Are toy unboxing videos bad for the kids?

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Are toy unboxing videos bad for the kids?
Image credit: Flickr (CC) / NoirKitsuné

Toy unboxing videos are enjoying massive popularity on YouTube. But some experts and institutions though feel they are bad for kids. Is that so?

For example, in January, the public prosecutor’s office in Sao Paulo in Brazil sued YouTube. The reason – abusive advertising practices towards children, VOX reports.

The prosecutors are feeling that toy unboxing videos is a form of advertising. These types of videos are hugely popular on the Web and especially on YouTube. They are so popular that companies often send their toys to famous channels just for the unboxing video.

In Brazil though it’s illegal to advertise to children 12 and under. And it’s not only children who love unboxing videos. A 2014 Google study shows that one in five shoppers in general watch an unboxing video before they buy a product.

YouTube responds to VOX that ads of all forms, including product placements, have to comply with local laws and YouTube’s own guidelines. YouTube also notes, that the site doesn’t allow users under 13 year old to have an account and bans violators of that rule.

Still, everyone loves toys and even if kids watch unboxing videos along with their parents, even if the videos aren’t paid product placements, they still can have a hooking effect, say critics.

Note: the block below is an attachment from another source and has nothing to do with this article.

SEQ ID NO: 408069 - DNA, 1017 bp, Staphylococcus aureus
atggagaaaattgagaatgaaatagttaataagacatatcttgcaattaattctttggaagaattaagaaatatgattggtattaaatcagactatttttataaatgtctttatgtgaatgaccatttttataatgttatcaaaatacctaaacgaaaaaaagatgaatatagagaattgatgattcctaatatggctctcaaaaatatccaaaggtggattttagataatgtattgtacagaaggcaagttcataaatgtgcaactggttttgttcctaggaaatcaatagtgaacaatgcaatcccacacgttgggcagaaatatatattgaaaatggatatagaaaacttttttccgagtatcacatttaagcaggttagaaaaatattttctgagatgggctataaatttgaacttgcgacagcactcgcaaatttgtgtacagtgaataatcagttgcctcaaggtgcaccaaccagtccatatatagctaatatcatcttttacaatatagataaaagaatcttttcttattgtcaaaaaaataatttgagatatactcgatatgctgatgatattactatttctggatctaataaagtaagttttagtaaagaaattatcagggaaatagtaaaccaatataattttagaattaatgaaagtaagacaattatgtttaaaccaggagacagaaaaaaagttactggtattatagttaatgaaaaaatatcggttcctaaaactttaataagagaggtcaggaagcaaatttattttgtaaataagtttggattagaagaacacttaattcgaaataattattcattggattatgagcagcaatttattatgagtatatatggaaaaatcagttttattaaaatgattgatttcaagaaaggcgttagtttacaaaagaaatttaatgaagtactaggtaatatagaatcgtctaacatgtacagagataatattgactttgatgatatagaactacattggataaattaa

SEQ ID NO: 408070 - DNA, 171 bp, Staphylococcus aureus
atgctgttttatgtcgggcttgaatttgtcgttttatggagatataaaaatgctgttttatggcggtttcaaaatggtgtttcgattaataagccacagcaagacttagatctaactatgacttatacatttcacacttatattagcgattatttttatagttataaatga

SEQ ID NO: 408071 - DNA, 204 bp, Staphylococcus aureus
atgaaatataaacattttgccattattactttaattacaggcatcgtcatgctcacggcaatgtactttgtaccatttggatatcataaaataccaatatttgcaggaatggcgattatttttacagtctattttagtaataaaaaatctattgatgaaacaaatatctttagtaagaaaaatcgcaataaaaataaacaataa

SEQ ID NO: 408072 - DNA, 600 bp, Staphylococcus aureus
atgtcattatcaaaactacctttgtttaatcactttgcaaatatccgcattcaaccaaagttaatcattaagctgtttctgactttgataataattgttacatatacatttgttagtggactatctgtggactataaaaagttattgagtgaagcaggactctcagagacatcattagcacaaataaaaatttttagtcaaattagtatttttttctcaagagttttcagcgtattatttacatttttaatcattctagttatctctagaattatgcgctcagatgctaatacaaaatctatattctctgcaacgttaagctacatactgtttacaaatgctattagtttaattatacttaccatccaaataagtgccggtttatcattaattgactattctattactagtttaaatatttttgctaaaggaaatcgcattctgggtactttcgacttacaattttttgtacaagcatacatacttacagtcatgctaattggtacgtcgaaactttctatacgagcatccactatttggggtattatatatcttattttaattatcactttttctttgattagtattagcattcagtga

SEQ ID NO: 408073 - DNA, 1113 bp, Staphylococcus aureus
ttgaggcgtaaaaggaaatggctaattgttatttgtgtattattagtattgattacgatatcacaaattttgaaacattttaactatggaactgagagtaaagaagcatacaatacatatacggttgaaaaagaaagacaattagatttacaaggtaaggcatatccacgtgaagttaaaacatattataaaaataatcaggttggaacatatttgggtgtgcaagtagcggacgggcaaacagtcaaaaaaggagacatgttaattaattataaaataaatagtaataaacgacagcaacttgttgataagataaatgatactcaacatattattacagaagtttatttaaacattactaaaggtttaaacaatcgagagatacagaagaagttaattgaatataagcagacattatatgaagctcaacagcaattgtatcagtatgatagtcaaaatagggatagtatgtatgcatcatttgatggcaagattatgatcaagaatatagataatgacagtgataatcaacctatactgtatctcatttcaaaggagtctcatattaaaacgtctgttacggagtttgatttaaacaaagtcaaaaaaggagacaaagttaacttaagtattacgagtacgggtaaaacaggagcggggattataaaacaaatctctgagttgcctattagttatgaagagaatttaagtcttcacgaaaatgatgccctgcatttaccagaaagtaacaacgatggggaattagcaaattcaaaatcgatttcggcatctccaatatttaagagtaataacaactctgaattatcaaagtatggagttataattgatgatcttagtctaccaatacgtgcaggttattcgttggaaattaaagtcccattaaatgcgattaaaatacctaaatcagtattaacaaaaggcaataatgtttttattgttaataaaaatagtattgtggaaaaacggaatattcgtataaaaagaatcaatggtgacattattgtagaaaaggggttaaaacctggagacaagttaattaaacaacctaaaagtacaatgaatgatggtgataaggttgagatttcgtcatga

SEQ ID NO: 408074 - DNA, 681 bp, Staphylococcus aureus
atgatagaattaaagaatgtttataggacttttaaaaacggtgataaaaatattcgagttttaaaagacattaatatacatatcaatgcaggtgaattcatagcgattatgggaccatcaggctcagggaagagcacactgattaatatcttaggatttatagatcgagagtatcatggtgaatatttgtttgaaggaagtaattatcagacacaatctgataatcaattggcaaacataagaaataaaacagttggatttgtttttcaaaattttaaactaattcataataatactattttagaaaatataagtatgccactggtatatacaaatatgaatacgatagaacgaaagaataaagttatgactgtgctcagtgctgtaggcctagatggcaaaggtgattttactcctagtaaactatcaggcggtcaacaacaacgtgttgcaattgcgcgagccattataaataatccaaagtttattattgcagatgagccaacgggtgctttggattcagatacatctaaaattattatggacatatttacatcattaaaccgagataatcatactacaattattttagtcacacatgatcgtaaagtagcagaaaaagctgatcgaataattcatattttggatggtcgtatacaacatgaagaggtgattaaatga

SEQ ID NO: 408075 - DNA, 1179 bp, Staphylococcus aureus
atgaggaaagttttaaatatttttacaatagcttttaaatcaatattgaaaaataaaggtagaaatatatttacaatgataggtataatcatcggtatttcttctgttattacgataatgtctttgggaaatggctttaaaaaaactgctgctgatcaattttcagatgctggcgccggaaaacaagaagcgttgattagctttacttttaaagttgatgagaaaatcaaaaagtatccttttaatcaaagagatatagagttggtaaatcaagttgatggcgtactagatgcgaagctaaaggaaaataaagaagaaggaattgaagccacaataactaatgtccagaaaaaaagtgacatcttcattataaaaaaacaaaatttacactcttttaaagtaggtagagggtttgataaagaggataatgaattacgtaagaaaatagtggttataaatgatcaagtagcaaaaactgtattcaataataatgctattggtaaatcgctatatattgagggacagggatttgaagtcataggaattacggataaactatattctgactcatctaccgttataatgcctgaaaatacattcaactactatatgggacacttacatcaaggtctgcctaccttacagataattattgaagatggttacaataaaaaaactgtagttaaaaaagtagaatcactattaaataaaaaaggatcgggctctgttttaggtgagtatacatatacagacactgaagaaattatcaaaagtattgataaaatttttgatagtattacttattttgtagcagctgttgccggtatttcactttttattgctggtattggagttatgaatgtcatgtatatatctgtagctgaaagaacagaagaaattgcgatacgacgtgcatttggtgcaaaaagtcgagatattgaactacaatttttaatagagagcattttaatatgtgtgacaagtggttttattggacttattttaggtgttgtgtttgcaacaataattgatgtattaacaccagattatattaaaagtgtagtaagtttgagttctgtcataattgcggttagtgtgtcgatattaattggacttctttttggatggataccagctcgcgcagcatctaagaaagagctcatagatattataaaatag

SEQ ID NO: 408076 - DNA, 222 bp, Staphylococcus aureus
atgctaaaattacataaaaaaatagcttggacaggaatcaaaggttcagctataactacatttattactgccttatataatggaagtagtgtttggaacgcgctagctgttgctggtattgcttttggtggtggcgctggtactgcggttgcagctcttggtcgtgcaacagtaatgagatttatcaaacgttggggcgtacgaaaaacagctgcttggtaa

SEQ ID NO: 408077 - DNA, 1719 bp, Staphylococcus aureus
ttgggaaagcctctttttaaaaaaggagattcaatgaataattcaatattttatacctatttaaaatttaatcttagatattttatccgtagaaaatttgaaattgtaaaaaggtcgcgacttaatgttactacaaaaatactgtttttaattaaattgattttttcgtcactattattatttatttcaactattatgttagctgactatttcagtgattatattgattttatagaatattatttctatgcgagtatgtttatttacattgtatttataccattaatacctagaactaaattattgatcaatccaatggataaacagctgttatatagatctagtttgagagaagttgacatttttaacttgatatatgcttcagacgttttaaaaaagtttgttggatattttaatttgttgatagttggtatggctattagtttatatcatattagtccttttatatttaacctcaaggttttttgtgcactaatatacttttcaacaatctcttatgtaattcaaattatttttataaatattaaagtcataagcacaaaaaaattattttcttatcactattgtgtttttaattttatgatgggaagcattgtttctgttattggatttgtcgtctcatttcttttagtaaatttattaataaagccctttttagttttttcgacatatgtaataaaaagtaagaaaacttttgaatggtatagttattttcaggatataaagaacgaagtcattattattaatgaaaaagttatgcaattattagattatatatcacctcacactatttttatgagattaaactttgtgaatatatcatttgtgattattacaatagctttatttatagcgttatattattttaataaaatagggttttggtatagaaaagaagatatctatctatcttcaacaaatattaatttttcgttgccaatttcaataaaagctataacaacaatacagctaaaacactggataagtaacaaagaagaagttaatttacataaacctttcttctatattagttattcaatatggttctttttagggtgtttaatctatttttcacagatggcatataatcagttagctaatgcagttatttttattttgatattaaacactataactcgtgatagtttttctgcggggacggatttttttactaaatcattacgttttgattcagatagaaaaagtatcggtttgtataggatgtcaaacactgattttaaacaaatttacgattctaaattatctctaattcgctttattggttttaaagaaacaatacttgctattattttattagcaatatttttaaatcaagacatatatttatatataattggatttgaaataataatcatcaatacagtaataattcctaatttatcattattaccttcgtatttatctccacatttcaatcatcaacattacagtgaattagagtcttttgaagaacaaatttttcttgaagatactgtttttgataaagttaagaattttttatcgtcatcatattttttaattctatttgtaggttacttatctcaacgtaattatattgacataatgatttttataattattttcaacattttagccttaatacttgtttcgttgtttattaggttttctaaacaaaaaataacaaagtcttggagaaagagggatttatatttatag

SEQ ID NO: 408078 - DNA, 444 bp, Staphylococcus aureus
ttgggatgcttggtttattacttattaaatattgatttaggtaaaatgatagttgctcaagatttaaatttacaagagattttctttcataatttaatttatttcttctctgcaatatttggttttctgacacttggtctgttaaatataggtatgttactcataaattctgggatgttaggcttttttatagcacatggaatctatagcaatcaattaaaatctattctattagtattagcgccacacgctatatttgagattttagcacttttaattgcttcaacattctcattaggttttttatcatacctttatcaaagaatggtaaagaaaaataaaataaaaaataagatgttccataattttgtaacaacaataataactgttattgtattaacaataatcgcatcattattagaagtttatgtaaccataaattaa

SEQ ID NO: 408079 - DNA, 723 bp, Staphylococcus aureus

These videos are changing the toy market in general. One of the reasons why surprise packs and surprise toys are so popular right now, is unboxing videos. LOL Surprise for example, aims at YouTube to that same reason.

“When they do an unboxing video of one of our toys, the number of their subscribers go up, and they make money, and they drive interest for us. It’s a circle, and it’s become its own advertising universe”, MGA’s Isaac Larian tells VOX.

“This content is unfair because it’s an ad disguised as a fun video, and the influencers are very very good at making kids feel like they are watching the most fun toy out there,” says Josh Golin, the executive director of the nonprofit Campaign for a Commercial-Free Childhood. “It’s also deceptive to parents because they have zero understanding of what their kids are watching.”

So, as with many other things on the Internet today, there are calls for better regulations. Some organizations have already filed complaints with the FTC and other institutions. Would that bring a change? We will see. One thing is for sure – this is an issue which won’t be solved easy and will take time and effort.

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